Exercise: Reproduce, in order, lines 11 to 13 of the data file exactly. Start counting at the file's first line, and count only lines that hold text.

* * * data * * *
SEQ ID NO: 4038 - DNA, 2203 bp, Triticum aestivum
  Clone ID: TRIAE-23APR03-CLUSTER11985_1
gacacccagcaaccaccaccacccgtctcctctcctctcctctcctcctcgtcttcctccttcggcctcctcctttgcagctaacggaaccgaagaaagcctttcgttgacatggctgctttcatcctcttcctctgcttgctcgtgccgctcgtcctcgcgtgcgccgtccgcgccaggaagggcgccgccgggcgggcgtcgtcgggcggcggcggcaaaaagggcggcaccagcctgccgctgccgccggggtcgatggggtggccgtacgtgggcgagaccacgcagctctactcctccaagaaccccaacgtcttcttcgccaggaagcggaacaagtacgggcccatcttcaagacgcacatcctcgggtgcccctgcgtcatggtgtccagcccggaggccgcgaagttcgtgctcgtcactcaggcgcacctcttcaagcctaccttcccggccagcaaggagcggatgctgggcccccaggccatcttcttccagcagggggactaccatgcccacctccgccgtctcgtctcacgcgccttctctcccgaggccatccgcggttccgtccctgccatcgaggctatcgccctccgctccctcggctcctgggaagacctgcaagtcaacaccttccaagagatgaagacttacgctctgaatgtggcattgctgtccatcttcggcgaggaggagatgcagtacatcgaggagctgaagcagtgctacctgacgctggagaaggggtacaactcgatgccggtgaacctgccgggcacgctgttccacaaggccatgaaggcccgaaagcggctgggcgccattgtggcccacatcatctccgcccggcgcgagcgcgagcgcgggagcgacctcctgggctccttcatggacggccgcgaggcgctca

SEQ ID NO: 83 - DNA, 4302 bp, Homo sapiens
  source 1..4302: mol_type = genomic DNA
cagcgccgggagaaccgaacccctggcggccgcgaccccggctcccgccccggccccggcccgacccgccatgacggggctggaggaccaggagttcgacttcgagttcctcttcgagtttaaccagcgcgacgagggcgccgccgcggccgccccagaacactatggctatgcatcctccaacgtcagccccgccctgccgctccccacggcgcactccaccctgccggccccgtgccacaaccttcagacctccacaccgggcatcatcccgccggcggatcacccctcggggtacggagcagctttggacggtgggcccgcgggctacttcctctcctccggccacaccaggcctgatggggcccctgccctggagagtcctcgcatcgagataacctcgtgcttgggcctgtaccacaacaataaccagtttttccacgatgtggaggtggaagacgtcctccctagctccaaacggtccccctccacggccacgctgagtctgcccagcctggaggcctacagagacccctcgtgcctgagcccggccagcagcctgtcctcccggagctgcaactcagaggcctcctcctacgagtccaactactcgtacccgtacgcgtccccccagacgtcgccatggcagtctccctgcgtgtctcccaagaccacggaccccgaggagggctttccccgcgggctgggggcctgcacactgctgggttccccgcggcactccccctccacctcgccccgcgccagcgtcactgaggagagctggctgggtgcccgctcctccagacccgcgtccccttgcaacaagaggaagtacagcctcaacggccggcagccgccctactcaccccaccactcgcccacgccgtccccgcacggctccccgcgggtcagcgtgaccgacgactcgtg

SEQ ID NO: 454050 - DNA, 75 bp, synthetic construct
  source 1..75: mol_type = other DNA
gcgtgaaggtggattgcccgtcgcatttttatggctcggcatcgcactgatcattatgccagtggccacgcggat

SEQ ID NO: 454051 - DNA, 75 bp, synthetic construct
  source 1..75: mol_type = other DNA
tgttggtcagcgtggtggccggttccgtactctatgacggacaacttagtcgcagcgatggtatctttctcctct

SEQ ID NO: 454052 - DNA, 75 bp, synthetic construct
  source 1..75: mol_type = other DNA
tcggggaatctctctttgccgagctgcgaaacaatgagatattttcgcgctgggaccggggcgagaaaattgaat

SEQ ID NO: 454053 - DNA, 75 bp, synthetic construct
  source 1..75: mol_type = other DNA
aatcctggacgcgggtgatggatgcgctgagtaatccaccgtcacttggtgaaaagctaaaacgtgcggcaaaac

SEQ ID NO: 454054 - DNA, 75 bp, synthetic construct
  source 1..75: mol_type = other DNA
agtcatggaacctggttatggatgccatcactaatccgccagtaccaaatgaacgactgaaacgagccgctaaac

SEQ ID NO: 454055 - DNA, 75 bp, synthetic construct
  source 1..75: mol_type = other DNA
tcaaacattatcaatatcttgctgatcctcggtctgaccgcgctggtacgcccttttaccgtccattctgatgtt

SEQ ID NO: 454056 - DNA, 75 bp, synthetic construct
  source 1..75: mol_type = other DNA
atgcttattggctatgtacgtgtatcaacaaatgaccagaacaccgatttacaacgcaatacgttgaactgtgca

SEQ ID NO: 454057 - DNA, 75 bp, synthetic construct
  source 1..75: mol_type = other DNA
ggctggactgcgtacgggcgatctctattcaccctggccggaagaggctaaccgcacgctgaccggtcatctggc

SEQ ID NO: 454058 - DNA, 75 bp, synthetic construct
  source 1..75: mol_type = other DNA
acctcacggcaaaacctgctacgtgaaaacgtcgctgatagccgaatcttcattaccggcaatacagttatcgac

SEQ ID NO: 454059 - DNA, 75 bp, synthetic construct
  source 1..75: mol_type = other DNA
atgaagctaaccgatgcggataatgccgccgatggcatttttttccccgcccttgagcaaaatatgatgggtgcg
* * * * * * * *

  source 1..75: mol_type = other DNA
tgttggtcagcgtggtggccggttccgtactctatgacggacaacttagtcgcagcgatggtatctttctcctct

SEQ ID NO: 454052 - DNA, 75 bp, synthetic construct